Under the Constitution, lawmakers have the ability to declare war and fund
military operations, while the president has control of military forces.
But presidents also can veto legislation and Bush likely has enough support
in Congress on Iraq to withstand any veto override attempts.
Seeking input, Senate Judiciary Chairman Patrick Leahy , D-Vt., and Specter,
asked Attorney General Alberto Gonzales for the White House's views on Congress'
Boxer and Feingold are in effect proposing putting conditions on troop
funding and deployment in an effort to end the war in some way other than
zeroing out the budget. But some lawmakers and scholars insist war management is
the president's job.
"In an ongoing operation, you've got to defer to the commander in chief,"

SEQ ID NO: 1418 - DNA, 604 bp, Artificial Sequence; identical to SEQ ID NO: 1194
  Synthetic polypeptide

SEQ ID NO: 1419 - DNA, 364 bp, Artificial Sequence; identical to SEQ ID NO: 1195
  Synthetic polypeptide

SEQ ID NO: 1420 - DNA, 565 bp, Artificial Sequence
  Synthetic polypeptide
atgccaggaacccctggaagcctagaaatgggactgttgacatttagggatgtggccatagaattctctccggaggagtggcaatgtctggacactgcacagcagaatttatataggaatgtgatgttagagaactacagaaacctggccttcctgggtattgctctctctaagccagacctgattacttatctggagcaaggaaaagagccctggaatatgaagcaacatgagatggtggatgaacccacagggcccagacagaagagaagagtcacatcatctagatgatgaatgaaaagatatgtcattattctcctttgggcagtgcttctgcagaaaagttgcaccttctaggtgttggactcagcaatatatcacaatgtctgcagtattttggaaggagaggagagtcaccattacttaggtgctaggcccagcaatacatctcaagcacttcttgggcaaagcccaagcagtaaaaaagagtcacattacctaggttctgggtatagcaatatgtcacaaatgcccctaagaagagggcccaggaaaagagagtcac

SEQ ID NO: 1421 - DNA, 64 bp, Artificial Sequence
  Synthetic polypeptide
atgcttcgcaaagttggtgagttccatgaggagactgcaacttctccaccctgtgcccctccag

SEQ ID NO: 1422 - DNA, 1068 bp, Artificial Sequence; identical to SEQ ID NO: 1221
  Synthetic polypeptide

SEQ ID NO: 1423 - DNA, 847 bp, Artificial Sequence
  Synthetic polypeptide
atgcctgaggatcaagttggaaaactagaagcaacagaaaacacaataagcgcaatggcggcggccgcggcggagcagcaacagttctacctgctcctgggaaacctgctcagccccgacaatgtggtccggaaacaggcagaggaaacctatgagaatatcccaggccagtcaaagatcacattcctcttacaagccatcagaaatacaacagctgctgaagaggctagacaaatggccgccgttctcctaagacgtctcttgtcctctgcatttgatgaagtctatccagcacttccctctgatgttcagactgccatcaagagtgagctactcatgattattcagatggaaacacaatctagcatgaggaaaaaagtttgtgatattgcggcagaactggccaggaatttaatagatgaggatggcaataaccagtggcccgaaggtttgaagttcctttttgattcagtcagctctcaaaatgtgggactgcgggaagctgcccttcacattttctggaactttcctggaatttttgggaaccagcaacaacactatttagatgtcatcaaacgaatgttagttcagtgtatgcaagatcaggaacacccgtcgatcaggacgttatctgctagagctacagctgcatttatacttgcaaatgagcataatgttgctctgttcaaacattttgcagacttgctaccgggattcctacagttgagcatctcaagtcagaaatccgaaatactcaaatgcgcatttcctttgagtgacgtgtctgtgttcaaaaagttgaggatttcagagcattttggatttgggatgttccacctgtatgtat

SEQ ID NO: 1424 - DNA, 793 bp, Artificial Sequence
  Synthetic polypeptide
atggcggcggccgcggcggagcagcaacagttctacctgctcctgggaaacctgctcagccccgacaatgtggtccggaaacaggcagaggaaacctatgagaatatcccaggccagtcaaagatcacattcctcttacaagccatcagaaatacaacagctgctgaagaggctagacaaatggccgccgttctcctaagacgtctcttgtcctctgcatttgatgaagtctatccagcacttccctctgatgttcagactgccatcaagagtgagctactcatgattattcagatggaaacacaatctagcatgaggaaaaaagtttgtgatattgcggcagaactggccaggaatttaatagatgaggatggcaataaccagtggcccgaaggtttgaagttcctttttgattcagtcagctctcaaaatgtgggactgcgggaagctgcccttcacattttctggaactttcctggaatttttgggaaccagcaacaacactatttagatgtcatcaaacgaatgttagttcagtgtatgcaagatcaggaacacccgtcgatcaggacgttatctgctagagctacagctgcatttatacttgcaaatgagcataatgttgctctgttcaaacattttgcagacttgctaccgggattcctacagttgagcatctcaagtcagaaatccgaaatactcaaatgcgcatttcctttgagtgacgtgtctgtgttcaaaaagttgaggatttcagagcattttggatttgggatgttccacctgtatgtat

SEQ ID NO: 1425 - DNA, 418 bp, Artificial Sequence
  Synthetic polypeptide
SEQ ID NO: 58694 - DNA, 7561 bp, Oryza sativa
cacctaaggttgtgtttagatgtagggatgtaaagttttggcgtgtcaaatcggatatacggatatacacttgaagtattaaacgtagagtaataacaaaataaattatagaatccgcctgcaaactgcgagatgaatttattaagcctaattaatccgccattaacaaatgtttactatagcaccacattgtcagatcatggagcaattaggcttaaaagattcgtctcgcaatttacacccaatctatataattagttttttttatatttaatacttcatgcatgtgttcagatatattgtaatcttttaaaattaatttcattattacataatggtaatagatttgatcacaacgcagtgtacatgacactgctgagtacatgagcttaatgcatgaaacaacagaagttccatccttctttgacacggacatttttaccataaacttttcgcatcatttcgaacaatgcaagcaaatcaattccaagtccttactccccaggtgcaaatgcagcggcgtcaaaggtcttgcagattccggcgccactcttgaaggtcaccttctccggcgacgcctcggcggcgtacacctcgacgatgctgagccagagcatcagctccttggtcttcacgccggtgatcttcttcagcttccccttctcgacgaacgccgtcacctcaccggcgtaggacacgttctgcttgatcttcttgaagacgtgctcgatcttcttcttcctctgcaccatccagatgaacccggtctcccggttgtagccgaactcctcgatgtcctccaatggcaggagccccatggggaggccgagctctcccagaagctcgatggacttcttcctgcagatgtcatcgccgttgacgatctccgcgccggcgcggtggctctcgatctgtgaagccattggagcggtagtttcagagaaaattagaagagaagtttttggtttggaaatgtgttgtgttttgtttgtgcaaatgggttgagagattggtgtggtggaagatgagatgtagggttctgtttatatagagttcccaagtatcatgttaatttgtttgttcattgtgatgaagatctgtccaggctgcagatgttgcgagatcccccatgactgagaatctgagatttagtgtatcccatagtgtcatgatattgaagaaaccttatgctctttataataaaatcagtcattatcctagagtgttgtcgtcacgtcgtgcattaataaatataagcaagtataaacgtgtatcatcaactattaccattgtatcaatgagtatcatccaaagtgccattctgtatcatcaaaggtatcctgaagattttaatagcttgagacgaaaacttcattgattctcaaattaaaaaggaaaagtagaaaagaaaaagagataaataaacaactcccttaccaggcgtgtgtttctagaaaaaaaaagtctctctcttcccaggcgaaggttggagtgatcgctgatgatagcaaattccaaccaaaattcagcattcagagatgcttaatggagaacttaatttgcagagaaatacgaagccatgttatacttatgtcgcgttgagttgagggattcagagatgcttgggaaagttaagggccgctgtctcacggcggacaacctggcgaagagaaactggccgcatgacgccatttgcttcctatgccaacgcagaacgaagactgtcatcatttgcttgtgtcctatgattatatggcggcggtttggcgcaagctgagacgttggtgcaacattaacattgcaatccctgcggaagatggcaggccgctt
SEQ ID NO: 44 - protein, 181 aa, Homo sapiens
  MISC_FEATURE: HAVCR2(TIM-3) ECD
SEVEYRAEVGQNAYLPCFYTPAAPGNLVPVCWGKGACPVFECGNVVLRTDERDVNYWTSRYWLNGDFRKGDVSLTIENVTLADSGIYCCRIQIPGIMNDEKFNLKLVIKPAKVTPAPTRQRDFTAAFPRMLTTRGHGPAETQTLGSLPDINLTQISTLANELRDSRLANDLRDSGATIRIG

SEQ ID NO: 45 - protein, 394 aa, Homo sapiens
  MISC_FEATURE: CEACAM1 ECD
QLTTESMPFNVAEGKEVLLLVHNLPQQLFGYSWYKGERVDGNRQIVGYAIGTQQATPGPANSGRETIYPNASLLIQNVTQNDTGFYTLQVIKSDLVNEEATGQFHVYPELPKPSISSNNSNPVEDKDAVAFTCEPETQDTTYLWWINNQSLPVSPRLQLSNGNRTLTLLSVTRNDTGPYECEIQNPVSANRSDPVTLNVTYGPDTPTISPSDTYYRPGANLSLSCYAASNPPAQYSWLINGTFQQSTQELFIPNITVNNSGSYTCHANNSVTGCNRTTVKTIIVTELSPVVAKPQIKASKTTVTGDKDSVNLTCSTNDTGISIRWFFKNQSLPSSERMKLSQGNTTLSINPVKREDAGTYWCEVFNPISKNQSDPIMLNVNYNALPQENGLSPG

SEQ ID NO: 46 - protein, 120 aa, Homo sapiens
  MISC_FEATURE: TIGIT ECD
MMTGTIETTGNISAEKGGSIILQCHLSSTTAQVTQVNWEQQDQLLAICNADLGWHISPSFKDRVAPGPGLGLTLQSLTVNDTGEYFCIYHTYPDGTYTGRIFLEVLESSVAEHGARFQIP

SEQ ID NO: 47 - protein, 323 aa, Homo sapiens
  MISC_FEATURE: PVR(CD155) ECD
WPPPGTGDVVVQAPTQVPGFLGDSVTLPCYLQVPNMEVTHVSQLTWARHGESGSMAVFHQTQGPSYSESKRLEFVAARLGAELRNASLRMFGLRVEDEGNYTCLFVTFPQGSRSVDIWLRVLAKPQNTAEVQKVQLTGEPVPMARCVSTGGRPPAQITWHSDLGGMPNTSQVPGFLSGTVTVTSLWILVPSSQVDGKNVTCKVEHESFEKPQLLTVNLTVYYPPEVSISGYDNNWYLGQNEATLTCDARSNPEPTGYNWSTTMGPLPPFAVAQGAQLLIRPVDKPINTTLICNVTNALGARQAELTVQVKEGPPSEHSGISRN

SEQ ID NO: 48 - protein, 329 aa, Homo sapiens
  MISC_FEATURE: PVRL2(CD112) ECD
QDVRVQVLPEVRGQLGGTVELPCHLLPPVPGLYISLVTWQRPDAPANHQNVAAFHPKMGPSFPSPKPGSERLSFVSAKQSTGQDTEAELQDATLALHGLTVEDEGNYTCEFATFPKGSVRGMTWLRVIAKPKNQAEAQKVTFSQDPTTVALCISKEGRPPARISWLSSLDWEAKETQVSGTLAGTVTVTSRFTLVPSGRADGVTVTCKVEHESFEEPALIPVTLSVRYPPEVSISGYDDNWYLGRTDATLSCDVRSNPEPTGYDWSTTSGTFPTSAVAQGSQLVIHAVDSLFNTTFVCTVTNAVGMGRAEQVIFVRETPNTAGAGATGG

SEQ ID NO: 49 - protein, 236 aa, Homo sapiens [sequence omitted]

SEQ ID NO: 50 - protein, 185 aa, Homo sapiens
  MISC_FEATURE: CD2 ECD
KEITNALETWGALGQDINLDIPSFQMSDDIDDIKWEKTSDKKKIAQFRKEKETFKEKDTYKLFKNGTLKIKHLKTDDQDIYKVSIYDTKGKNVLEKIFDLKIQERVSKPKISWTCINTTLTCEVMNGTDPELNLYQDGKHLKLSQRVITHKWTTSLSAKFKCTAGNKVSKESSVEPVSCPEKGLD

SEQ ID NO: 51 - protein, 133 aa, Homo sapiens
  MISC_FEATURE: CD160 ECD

said Sen. John Warner , R-Va., ranking Republican on the Senate Armed Services
Committee. But the veteran senator and former Navy secretary said he understands
the debate over Congress' ability to check the executive branch.
"Once Congress raises an army, it's his to command," said Robert Turner, a
law professor at the University of Virginia who was to testify Tuesday before
the Senate Judiciary Committee.
In recent decades, presidents have routinely bypassed Congress when deploying
troops to fight. Not since World War II has Congress issued an official
declaration of war, despite lengthy wars fought in Vietnam and Korea.
Congress does not have to approve military maneuvers.
John Yoo, who as a Justice Department lawyer helped write the 2002 resolution
authorizing the Iraq invasion, called that document a political one designed
only to bring Democrats on board and spread accountability for the conflict.
The resolution passed by a 296-133 vote in the
then-GOP-run House and 77-23 in the Democratic-led Senate, but it was not
considered a declaration of war.